If I had one issue with this episode, it’d be in the sound quality of the voiceovers. I suppose that sound recording is my biggest source of consternation with the series in general, as the in-camera microphone often doesn’t cut it. It’s sometimes especially noticeable when we’re recording voiceovers. There are times when it works perfectly, but others when it’s a real hindrance. I’d love to get a shotgun microphone for the camera and maybe one day we will have one. Watching this episode, though, convinced me to address the voiceover problem, at least, and a few days after I posted the video to this site I went out and bought a desktop mic…I’ll show pictures of that shortly – I’m pretty happy with it and I think that it’ll bring a better audio quality to the show, at least in some capacities.
There’s an embarrassment of riches on display when it comes to this episode, and the “NO!” ending is no exception. Taking a cue from…well, Hanna-Barbera cartoons in general, Larry gives his best overly-expressionist performance in this great sequence. Music and sound effects can really add something that might not come across otherwise. Audio isn’t something that we think of very often when we consider some of the programs we watch, but I think it plays a bigger role in our enjoyment than we might think or realize.
Well, that’s it for this time. Back to my nudity.
Franks and Beans would like to apologize for the following episode.
“Who Do You Think You Are”, in the running (because this isn’t something objective and measurable, of course) for the shortest Franks and Beans episode, has one joke in it. This puts it ahead of some other Franks and Beans episodes (hey-ooo!).
And with THAT joke, this blog post now has more than some others. Hey…hey-oo…ooo.
Oh well, the first one was better, but what can you do.
The joke in this episode is easy to spot but perhaps is more difficult to define. Simply, we’re posing a rhetorical question and then answering it even though it is both rhetorical as well as visual. So the obvious nature of the answer, and the fact that dammit, we still go ahead and answer it, is what I enjoy about this little clip.
Larry, undoubtedly, enjoys the fact that we’re using his Halloween costumes as a sight gag in episodes and not just as a sight gag at the end of episodes. But really, why would you want to waste a perfectly good Hulk Hogan costume, anyway? So it’s almost like we had to use it, and thus we did for a second time in the show. That’s a pretty nice mustache, Larry.
The “NO!” ending to this episode (according to the screen shot, complete with a tiny “0:18″ in the bottom right corner) is bittersweet considering the recent past for the Steelers. This was filmed in advance of Super Bowl XLV in early 2011, and as with any great team, time marches on and situations have changed for our beloved black-and-gold squad. It seems the last few pieces, with a couple notable exceptions, of the Super Bowl XL-XLIII-XLV teams are moving on. Hines Ward, whose jersey Larry wears in this literally head-shaking ending, has retired, and today news comes that the Steelers have released 2008 defensive player of the year James Harrison. It’s a shame that these things have to happen, but I hope that it’s merely a precursor for more glory to come in the near future. Thanks for all the memories, Silverback.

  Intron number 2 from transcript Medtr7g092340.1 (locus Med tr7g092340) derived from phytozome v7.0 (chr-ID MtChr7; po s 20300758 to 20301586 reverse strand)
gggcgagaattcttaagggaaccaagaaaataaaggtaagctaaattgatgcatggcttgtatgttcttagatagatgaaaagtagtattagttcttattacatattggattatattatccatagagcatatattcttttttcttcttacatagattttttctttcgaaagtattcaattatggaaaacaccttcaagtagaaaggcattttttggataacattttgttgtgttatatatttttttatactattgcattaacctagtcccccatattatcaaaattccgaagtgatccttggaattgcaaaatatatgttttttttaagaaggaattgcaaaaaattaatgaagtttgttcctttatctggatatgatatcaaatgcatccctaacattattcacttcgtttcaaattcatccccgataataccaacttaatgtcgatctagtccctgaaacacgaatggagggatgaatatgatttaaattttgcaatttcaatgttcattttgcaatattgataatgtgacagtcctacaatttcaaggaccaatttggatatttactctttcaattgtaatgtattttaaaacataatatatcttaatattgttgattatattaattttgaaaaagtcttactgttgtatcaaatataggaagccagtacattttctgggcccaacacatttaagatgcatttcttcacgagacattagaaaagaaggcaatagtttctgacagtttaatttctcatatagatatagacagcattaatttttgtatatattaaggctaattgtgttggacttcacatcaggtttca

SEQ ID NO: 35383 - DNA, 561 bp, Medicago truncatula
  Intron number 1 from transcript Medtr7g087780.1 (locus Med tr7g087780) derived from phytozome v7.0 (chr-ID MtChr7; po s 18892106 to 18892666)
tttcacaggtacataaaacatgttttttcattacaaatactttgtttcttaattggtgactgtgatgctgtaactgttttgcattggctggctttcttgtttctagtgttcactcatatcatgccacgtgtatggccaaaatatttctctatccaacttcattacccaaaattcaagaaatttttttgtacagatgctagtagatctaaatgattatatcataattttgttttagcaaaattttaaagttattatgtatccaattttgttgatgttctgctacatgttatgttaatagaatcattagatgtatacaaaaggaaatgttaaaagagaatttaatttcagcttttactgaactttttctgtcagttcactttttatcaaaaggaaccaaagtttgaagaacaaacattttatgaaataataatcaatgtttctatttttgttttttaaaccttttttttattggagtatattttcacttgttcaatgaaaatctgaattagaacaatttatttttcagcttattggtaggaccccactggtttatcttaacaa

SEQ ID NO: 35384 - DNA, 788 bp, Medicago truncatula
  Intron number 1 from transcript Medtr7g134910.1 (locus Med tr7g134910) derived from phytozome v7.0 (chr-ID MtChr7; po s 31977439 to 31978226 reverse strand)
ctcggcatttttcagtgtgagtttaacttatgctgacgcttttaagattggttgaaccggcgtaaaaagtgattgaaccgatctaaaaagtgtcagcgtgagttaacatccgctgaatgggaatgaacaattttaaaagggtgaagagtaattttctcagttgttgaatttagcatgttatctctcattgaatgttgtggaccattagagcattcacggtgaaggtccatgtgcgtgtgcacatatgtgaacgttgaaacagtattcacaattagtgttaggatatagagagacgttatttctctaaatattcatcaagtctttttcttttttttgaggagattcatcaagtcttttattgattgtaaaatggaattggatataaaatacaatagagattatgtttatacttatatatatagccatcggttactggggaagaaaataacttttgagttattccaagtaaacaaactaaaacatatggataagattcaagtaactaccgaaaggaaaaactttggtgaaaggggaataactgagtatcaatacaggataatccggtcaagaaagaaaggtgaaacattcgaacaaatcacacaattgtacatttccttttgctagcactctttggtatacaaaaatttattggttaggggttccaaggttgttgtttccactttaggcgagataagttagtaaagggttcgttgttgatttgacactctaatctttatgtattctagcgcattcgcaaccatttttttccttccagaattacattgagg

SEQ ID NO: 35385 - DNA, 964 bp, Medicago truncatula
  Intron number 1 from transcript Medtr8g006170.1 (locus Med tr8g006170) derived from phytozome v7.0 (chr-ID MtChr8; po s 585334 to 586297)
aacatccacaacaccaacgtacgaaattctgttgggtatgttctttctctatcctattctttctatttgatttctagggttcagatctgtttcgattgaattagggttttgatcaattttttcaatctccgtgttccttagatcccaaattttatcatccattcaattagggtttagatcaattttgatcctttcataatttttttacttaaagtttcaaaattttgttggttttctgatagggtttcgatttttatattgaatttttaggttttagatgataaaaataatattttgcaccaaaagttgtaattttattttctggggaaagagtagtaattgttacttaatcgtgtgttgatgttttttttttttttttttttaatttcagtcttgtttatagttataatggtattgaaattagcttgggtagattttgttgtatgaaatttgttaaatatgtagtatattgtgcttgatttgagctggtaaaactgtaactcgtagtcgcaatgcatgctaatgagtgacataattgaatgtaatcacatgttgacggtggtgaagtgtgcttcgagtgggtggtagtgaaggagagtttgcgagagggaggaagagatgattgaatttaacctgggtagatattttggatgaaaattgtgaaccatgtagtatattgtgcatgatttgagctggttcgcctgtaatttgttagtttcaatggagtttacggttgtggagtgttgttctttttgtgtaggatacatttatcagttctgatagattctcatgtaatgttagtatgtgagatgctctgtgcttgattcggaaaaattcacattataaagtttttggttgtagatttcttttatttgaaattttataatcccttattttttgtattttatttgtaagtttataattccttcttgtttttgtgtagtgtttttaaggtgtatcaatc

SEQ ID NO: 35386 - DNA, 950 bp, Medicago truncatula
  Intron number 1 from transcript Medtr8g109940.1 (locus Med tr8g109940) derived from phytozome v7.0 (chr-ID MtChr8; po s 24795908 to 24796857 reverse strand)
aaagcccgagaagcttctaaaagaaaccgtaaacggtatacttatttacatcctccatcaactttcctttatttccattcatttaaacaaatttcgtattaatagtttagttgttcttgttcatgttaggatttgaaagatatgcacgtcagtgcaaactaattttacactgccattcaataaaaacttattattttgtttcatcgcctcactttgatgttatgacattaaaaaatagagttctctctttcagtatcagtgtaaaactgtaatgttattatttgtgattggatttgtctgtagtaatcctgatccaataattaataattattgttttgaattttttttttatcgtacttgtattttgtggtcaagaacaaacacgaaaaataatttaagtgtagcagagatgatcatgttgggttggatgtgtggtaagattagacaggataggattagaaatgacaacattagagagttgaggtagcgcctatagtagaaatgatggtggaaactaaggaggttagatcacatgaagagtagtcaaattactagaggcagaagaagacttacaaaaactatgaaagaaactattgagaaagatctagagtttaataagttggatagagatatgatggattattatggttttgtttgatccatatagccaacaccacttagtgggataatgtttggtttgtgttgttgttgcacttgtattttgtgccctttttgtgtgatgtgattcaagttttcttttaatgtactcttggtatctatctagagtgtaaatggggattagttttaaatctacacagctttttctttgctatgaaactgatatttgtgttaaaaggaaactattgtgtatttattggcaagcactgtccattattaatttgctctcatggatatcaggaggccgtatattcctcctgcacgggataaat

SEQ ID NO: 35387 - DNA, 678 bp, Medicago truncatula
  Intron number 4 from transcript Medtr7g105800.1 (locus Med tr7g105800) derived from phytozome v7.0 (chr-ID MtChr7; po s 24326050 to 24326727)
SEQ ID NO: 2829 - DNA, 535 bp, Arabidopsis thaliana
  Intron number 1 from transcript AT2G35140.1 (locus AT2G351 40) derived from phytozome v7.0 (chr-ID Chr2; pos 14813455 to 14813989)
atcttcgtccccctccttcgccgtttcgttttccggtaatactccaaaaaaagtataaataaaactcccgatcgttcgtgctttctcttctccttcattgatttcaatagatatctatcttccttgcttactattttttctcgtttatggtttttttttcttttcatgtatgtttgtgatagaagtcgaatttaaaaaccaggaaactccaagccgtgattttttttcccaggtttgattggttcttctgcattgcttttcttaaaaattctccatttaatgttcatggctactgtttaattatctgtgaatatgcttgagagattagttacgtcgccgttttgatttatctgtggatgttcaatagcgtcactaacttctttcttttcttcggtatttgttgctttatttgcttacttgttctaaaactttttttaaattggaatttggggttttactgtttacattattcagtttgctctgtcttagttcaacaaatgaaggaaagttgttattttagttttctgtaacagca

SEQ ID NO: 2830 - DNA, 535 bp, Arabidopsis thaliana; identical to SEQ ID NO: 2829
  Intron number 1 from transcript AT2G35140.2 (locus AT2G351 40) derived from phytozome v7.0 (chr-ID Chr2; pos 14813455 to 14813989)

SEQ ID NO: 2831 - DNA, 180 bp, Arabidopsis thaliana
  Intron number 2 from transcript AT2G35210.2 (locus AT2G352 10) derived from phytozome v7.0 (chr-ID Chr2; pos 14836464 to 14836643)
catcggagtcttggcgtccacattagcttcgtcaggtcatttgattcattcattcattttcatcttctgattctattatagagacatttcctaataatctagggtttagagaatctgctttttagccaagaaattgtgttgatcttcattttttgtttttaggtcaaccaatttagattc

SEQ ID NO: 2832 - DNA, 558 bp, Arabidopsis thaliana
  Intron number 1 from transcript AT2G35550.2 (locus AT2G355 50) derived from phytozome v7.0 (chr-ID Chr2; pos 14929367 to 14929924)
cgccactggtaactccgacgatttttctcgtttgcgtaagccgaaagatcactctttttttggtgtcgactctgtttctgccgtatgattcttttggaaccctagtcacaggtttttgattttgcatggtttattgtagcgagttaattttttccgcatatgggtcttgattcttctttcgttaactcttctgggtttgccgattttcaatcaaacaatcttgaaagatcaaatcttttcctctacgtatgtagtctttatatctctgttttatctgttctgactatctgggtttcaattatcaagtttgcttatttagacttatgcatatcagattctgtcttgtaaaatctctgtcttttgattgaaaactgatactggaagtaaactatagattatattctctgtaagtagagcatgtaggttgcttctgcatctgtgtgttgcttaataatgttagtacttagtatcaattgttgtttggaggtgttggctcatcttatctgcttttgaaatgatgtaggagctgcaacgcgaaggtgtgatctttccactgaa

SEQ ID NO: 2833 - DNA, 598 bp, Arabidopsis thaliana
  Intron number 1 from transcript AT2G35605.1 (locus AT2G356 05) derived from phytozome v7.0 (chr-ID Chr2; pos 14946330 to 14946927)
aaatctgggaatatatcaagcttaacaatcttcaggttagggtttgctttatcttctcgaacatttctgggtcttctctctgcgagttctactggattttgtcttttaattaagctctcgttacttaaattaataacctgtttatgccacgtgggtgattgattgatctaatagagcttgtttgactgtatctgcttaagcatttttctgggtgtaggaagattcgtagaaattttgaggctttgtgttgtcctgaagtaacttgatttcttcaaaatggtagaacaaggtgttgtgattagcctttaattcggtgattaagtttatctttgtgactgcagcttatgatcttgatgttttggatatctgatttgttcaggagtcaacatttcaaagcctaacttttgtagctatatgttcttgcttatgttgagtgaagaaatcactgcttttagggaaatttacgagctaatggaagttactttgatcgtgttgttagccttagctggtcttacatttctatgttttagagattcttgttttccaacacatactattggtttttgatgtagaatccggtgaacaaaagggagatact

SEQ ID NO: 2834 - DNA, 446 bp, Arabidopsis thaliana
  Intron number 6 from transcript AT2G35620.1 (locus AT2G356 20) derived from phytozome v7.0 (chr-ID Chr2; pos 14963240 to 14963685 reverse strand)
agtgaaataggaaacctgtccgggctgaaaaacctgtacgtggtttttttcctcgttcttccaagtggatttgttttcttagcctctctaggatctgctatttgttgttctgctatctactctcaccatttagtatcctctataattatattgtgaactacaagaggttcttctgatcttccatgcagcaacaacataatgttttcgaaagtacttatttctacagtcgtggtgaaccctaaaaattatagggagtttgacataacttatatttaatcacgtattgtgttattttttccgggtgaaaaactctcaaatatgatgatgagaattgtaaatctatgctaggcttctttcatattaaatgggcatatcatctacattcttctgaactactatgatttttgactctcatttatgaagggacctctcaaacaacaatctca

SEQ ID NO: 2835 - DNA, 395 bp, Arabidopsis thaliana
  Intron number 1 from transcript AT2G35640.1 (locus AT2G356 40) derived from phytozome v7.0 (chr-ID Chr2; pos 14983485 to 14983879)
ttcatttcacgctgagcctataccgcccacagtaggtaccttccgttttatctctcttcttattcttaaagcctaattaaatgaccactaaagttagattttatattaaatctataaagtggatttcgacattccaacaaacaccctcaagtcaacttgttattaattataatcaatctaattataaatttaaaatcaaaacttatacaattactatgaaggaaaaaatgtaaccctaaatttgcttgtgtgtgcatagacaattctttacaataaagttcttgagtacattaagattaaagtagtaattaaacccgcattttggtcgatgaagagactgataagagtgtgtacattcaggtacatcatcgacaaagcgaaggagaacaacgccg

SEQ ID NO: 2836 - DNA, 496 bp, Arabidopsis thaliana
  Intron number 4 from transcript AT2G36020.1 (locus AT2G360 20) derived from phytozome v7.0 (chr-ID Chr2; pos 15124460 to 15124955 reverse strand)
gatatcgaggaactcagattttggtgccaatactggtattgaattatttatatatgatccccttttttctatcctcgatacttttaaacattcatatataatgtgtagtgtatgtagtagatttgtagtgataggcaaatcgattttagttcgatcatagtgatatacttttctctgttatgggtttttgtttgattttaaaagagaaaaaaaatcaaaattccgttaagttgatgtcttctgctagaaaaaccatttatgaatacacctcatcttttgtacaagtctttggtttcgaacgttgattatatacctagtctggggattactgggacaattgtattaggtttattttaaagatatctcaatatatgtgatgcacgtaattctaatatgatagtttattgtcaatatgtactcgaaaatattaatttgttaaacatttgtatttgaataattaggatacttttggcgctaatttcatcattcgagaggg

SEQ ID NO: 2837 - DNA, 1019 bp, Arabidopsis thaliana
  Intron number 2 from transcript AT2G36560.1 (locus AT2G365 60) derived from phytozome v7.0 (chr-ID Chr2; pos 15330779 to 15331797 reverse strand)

Larry has some explaining to do.
Campbell’s Chunky Soup is a notable sponsor of the NFL and has been for years, though perhaps not as much as in years past, when Donovan McNabb and his mother starred in a long string of commercials for the soup (that eats like a meal). During the run-up to Super Bowl XL, Campbell’s took full advantage of the Jerome Bettis media blitz and sponsored several events with Bettis and McNabb, even going so far as putting each of their mothers on people-sized scales (with cans of soup on the other end) to raise money for charity.
But now, Bettis is retired and no one likes McNabb anymore for some reason. Time goes on. But our barf-tacular 37th episode, “Chunky” is here to stay, oh yes. Do you hear that, world? Franks and Beans will never leave you! We’re like a best friend, a guy living in your basement, or an unfortunate and stubborn rash, and this episode exemplifies that idea.
The main thrust of this episode, I suppose, comes down to the idea of “wouldn’t it be gross to eat vomit?” And as someone who has thrown up a few times in the past, I would have to say that yeah, it probably would be.